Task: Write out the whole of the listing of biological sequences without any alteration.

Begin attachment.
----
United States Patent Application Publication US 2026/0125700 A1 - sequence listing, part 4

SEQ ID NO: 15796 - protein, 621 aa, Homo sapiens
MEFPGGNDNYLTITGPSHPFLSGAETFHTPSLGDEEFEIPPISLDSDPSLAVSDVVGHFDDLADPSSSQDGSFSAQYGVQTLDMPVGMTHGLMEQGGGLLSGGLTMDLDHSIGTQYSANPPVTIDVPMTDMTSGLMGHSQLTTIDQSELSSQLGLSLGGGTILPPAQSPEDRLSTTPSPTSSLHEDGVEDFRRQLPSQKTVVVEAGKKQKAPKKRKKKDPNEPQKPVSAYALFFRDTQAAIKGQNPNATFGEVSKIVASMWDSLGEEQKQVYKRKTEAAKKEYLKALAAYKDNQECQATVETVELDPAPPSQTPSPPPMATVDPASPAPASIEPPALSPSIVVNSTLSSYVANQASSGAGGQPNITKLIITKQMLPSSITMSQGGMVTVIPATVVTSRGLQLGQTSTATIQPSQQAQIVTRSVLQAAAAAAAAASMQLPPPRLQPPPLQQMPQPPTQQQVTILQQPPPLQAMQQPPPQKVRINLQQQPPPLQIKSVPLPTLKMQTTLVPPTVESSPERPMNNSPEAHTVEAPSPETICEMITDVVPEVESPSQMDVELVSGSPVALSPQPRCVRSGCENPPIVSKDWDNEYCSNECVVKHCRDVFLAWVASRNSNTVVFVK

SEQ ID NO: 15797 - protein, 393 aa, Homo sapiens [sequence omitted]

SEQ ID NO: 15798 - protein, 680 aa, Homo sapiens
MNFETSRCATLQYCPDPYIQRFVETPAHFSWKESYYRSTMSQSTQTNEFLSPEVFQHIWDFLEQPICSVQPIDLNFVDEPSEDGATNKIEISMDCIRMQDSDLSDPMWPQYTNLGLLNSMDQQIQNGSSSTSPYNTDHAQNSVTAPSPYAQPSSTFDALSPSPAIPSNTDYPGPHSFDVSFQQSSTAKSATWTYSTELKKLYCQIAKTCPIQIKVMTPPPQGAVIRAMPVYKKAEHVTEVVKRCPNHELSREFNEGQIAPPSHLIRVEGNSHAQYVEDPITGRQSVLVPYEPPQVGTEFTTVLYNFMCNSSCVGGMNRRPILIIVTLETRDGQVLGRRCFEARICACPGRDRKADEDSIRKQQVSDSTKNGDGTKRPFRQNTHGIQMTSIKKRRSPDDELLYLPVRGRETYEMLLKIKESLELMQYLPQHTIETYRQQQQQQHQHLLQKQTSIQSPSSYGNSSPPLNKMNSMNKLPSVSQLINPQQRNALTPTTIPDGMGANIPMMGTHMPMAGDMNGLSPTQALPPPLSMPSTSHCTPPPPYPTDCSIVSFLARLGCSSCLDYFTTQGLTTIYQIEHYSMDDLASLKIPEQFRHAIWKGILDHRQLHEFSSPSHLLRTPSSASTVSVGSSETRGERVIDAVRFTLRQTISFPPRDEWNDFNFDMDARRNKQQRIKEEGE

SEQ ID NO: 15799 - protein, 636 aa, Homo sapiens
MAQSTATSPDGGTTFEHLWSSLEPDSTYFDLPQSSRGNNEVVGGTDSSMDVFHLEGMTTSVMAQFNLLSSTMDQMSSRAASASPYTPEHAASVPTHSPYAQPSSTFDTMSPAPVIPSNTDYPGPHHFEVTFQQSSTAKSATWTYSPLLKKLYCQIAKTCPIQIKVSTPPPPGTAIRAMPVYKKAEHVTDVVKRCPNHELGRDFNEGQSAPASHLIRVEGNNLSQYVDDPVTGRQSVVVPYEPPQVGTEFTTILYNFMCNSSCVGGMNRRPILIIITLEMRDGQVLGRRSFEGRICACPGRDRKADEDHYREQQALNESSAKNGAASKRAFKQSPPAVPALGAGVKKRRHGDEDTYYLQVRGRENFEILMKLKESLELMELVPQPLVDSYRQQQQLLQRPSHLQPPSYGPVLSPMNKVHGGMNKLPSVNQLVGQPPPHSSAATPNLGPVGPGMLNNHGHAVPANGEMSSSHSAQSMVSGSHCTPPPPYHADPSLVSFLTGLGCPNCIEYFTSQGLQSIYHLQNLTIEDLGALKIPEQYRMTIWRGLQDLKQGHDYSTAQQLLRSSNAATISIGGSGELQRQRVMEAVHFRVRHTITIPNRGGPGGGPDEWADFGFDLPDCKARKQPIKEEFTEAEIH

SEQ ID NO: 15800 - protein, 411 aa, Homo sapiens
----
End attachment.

United States Patent Application Publication US 2026/0125700 A1 - sequence listing, part 4

SEQ ID NO: 15796 - protein, 621 aa, Homo sapiens
MEFPGGNDNYLTITGPSHPFLSGAETFHTPSLGDEEFEIPPISLDSDPSLAVSDVVGHFDDLADPSSSQDGSFSAQYGVQTLDMPVGMTHGLMEQGGGLLSGGLTMDLDHSIGTQYSANPPVTIDVPMTDMTSGLMGHSQLTTIDQSELSSQLGLSLGGGTILPPAQSPEDRLSTTPSPTSSLHEDGVEDFRRQLPSQKTVVVEAGKKQKAPKKRKKKDPNEPQKPVSAYALFFRDTQAAIKGQNPNATFGEVSKIVASMWDSLGEEQKQVYKRKTEAAKKEYLKALAAYKDNQECQATVETVELDPAPPSQTPSPPPMATVDPASPAPASIEPPALSPSIVVNSTLSSYVANQASSGAGGQPNITKLIITKQMLPSSITMSQGGMVTVIPATVVTSRGLQLGQTSTATIQPSQQAQIVTRSVLQAAAAAAAAASMQLPPPRLQPPPLQQMPQPPTQQQVTILQQPPPLQAMQQPPPQKVRINLQQQPPPLQIKSVPLPTLKMQTTLVPPTVESSPERPMNNSPEAHTVEAPSPETICEMITDVVPEVESPSQMDVELVSGSPVALSPQPRCVRSGCENPPIVSKDWDNEYCSNECVVKHCRDVFLAWVASRNSNTVVFVK

SEQ ID NO: 15797 - protein, 393 aa, Homo sapiens [sequence omitted]

SEQ ID NO: 15798 - protein, 680 aa, Homo sapiens
MNFETSRCATLQYCPDPYIQRFVETPAHFSWKESYYRSTMSQSTQTNEFLSPEVFQHIWDFLEQPICSVQPIDLNFVDEPSEDGATNKIEISMDCIRMQDSDLSDPMWPQYTNLGLLNSMDQQIQNGSSSTSPYNTDHAQNSVTAPSPYAQPSSTFDALSPSPAIPSNTDYPGPHSFDVSFQQSSTAKSATWTYSTELKKLYCQIAKTCPIQIKVMTPPPQGAVIRAMPVYKKAEHVTEVVKRCPNHELSREFNEGQIAPPSHLIRVEGNSHAQYVEDPITGRQSVLVPYEPPQVGTEFTTVLYNFMCNSSCVGGMNRRPILIIVTLETRDGQVLGRRCFEARICACPGRDRKADEDSIRKQQVSDSTKNGDGTKRPFRQNTHGIQMTSIKKRRSPDDELLYLPVRGRETYEMLLKIKESLELMQYLPQHTIETYRQQQQQQHQHLLQKQTSIQSPSSYGNSSPPLNKMNSMNKLPSVSQLINPQQRNALTPTTIPDGMGANIPMMGTHMPMAGDMNGLSPTQALPPPLSMPSTSHCTPPPPYPTDCSIVSFLARLGCSSCLDYFTTQGLTTIYQIEHYSMDDLASLKIPEQFRHAIWKGILDHRQLHEFSSPSHLLRTPSSASTVSVGSSETRGERVIDAVRFTLRQTISFPPRDEWNDFNFDMDARRNKQQRIKEEGE

SEQ ID NO: 15799 - protein, 636 aa, Homo sapiens
MAQSTATSPDGGTTFEHLWSSLEPDSTYFDLPQSSRGNNEVVGGTDSSMDVFHLEGMTTSVMAQFNLLSSTMDQMSSRAASASPYTPEHAASVPTHSPYAQPSSTFDTMSPAPVIPSNTDYPGPHHFEVTFQQSSTAKSATWTYSPLLKKLYCQIAKTCPIQIKVSTPPPPGTAIRAMPVYKKAEHVTDVVKRCPNHELGRDFNEGQSAPASHLIRVEGNNLSQYVDDPVTGRQSVVVPYEPPQVGTEFTTILYNFMCNSSCVGGMNRRPILIIITLEMRDGQVLGRRSFEGRICACPGRDRKADEDHYREQQALNESSAKNGAASKRAFKQSPPAVPALGAGVKKRRHGDEDTYYLQVRGRENFEILMKLKESLELMELVPQPLVDSYRQQQQLLQRPSHLQPPSYGPVLSPMNKVHGGMNKLPSVNQLVGQPPPHSSAATPNLGPVGPGMLNNHGHAVPANGEMSSSHSAQSMVSGSHCTPPPPYHADPSLVSFLTGLGCPNCIEYFTSQGLQSIYHLQNLTIEDLGALKIPEQYRMTIWRGLQDLKQGHDYSTAQQLLRSSNAATISIGGSGELQRQRVMEAVHFRVRHTITIPNRGGPGGGPDEWADFGFDLPDCKARKQPIKEEFTEAEIH

SEQ ID NO: 15800 - protein, 411 aa, Homo sapiens